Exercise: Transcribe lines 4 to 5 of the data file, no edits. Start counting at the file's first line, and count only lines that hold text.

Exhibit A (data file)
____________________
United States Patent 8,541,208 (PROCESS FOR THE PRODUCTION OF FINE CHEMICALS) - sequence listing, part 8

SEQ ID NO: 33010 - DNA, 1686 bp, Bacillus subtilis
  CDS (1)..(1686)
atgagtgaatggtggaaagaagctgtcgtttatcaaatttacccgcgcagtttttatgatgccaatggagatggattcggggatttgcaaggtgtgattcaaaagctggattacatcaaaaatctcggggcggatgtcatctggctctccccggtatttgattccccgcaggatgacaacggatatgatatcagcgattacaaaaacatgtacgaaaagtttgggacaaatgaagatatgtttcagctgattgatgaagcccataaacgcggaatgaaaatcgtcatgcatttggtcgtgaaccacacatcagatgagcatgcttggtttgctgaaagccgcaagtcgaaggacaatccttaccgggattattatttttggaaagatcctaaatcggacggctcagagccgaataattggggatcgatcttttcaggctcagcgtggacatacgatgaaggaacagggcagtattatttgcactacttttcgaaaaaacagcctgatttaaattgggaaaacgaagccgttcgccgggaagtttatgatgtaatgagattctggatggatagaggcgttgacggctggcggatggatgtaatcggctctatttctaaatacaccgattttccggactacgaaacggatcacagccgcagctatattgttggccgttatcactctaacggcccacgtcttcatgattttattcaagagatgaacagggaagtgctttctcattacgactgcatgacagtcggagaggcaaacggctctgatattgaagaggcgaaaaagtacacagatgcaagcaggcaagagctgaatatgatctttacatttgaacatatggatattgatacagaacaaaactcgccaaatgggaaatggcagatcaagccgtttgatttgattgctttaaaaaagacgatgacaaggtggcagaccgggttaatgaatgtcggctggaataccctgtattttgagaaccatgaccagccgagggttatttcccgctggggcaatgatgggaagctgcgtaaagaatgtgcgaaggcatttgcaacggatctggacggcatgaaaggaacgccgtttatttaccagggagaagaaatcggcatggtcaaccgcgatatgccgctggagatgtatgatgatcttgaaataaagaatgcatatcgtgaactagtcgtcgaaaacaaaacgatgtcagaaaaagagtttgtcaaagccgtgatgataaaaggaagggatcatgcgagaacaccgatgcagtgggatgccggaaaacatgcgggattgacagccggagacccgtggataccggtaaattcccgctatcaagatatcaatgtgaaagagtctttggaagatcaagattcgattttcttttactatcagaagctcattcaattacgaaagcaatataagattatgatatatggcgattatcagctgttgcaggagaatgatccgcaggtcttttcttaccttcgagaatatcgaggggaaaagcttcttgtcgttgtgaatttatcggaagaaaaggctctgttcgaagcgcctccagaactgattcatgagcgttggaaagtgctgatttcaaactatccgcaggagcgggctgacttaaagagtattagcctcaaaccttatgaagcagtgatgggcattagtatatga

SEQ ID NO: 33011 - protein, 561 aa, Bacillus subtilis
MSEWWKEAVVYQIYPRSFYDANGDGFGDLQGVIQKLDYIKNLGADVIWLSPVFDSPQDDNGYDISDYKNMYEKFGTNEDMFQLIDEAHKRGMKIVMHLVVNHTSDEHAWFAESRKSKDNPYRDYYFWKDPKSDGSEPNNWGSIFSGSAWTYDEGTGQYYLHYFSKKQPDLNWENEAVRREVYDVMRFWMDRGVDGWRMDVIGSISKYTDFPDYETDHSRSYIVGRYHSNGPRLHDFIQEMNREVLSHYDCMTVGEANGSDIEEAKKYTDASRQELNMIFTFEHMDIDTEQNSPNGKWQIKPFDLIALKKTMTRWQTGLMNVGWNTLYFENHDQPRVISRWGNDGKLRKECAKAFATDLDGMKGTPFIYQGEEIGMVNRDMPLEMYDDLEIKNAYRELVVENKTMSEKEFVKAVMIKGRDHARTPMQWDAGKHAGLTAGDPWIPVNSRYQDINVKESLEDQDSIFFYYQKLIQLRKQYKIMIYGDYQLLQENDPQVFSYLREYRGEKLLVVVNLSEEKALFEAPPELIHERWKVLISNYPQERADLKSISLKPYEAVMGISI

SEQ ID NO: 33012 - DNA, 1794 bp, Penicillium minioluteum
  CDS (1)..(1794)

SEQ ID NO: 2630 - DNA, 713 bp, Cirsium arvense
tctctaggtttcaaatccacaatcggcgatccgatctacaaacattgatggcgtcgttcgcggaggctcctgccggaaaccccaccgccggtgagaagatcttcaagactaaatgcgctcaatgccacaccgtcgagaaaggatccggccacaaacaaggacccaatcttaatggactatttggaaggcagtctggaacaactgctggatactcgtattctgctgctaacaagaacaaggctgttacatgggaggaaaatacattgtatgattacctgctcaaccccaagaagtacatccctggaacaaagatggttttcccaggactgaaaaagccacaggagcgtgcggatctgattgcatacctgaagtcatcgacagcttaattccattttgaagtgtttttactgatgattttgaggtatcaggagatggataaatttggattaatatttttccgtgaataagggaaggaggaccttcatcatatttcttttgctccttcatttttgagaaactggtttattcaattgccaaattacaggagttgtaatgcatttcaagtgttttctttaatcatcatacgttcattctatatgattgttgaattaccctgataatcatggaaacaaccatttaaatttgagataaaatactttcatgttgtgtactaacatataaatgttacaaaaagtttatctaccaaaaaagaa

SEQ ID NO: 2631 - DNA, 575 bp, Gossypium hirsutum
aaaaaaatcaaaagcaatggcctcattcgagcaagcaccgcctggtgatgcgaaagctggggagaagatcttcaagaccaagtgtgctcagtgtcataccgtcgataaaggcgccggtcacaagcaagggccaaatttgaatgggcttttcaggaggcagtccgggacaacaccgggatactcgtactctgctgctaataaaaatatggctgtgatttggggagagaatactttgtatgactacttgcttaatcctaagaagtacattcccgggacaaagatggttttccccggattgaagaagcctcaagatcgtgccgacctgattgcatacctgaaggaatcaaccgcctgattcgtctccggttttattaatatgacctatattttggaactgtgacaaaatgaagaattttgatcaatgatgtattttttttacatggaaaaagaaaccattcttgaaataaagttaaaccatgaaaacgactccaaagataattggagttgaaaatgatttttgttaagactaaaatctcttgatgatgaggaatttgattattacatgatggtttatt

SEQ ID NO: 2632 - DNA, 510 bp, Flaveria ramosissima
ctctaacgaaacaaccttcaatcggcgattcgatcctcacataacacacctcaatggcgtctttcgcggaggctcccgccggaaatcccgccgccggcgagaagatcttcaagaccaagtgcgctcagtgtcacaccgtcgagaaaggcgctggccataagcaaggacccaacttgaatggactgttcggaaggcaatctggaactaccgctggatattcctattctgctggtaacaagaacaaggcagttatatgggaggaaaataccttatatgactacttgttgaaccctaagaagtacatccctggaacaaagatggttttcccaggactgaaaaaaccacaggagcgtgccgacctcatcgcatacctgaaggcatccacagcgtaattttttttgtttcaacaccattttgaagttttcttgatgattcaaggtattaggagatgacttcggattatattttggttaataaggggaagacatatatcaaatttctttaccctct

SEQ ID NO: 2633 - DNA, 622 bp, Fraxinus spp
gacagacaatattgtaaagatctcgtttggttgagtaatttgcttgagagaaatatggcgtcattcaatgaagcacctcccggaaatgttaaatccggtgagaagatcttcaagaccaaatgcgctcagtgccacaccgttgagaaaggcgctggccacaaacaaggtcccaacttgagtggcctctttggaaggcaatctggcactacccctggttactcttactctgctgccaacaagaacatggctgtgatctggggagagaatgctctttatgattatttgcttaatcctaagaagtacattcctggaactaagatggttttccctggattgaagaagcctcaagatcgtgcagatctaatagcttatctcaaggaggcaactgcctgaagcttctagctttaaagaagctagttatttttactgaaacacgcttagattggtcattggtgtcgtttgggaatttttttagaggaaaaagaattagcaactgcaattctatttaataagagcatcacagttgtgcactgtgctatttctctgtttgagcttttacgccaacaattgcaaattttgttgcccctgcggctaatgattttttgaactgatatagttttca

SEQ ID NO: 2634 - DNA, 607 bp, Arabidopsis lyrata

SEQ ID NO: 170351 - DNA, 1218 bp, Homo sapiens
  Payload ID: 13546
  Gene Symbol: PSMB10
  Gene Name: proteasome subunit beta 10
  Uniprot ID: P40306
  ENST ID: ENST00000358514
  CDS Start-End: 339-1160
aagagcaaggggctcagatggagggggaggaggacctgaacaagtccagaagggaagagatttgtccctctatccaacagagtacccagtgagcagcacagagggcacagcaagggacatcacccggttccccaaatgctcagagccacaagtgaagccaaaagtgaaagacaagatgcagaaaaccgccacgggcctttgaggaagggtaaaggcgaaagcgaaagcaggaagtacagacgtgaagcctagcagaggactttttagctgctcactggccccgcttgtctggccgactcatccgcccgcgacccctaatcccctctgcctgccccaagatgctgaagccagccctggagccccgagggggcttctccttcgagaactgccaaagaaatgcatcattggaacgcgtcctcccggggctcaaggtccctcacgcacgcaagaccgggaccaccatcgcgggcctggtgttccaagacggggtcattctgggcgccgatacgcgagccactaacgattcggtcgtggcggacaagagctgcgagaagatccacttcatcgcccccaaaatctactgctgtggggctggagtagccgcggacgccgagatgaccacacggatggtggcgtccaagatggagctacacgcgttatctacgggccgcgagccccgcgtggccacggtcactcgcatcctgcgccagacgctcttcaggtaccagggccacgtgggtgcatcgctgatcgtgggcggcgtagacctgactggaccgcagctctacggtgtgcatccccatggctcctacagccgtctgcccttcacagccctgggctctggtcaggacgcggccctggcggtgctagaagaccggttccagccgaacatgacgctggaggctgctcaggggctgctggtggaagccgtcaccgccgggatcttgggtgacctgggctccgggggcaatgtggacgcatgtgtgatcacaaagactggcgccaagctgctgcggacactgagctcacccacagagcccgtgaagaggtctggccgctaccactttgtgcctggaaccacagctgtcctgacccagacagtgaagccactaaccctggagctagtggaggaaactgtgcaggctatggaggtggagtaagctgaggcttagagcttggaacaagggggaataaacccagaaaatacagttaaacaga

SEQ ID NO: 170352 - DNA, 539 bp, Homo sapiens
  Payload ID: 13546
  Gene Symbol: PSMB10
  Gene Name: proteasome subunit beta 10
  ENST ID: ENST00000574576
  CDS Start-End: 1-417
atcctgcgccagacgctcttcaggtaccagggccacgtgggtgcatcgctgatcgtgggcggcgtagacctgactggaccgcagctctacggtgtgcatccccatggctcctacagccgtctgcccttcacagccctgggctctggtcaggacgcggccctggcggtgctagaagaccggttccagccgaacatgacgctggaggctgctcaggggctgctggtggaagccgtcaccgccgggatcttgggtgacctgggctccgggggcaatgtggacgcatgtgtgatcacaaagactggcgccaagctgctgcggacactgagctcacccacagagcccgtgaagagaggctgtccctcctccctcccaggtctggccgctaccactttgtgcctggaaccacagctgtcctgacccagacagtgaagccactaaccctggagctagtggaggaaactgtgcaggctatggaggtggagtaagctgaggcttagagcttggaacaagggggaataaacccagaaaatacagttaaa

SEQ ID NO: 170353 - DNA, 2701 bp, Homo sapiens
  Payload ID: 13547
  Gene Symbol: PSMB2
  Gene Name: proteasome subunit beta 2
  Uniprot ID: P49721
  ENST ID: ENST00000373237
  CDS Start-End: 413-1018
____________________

atgagtgaatggtggaaagaagctgtcgtttatcaaatttacccgcgcagtttttatgatgccaatggagatggattcggggatttgcaaggtgtgattcaaaagctggattacatcaaaaatctcggggcggatgtcatctggctctccccggtatttgattccccgcaggatgacaacggatatgatatcagcgattacaaaaacatgtacgaaaagtttgggacaaatgaagatatgtttcagctgattgatgaagcccataaacgcggaatgaaaatcgtcatgcatttggtcgtgaaccacacatcagatgagcatgcttggtttgctgaaagccgcaagtcgaaggacaatccttaccgggattattatttttggaaagatcctaaatcggacggctcagagccgaataattggggatcgatcttttcaggctcagcgtggacatacgatgaaggaacagggcagtattatttgcactacttttcgaaaaaacagcctgatttaaattgggaaaacgaagccgttcgccgggaagtttatgatgtaatgagattctggatggatagaggcgttgacggctggcggatggatgtaatcggctctatttctaaatacaccgattttccggactacgaaacggatcacagccgcagctatattgttggccgttatcactctaacggcccacgtcttcatgattttattcaagagatgaacagggaagtgctttctcattacgactgcatgacagtcggagaggcaaacggctctgatattgaagaggcgaaaaagtacacagatgcaagcaggcaagagctgaatatgatctttacatttgaacatatggatattgatacagaacaaaactcgccaaatgggaaatggcagatcaagccgtttgatttgattgctttaaaaaagacgatgacaaggtggcagaccgggttaatgaatgtcggctggaataccctgtattttgagaaccatgaccagccgagggttatttcccgctggggcaatgatgggaagctgcgtaaagaatgtgcgaaggcatttgcaacggatctggacggcatgaaaggaacgccgtttatttaccagggagaagaaatcggcatggtcaaccgcgatatgccgctggagatgtatgatgatcttgaaataaagaatgcatatcgtgaactagtcgtcgaaaacaaaacgatgtcagaaaaagagtttgtcaaagccgtgatgataaaaggaagggatcatgcgagaacaccgatgcagtgggatgccggaaaacatgcgggattgacagccggagacccgtggataccggtaaattcccgctatcaagatatcaatgtgaaagagtctttggaagatcaagattcgattttcttttactatcagaagctcattcaattacgaaagcaatataagattatgatatatggcgattatcagctgttgcaggagaatgatccgcaggtcttttcttaccttcgagaatatcgaggggaaaagcttcttgtcgttgtgaatttatcggaagaaaaggctctgttcgaagcgcctccagaactgattcatgagcgttggaaagtgctgatttcaaactatccgcaggagcgggctgacttaaagagtattagcctcaaaccttatgaagcagtgatgggcattagtatatga

SEQ ID NO: 33011 - protein, 561 aa, Bacillus subtilis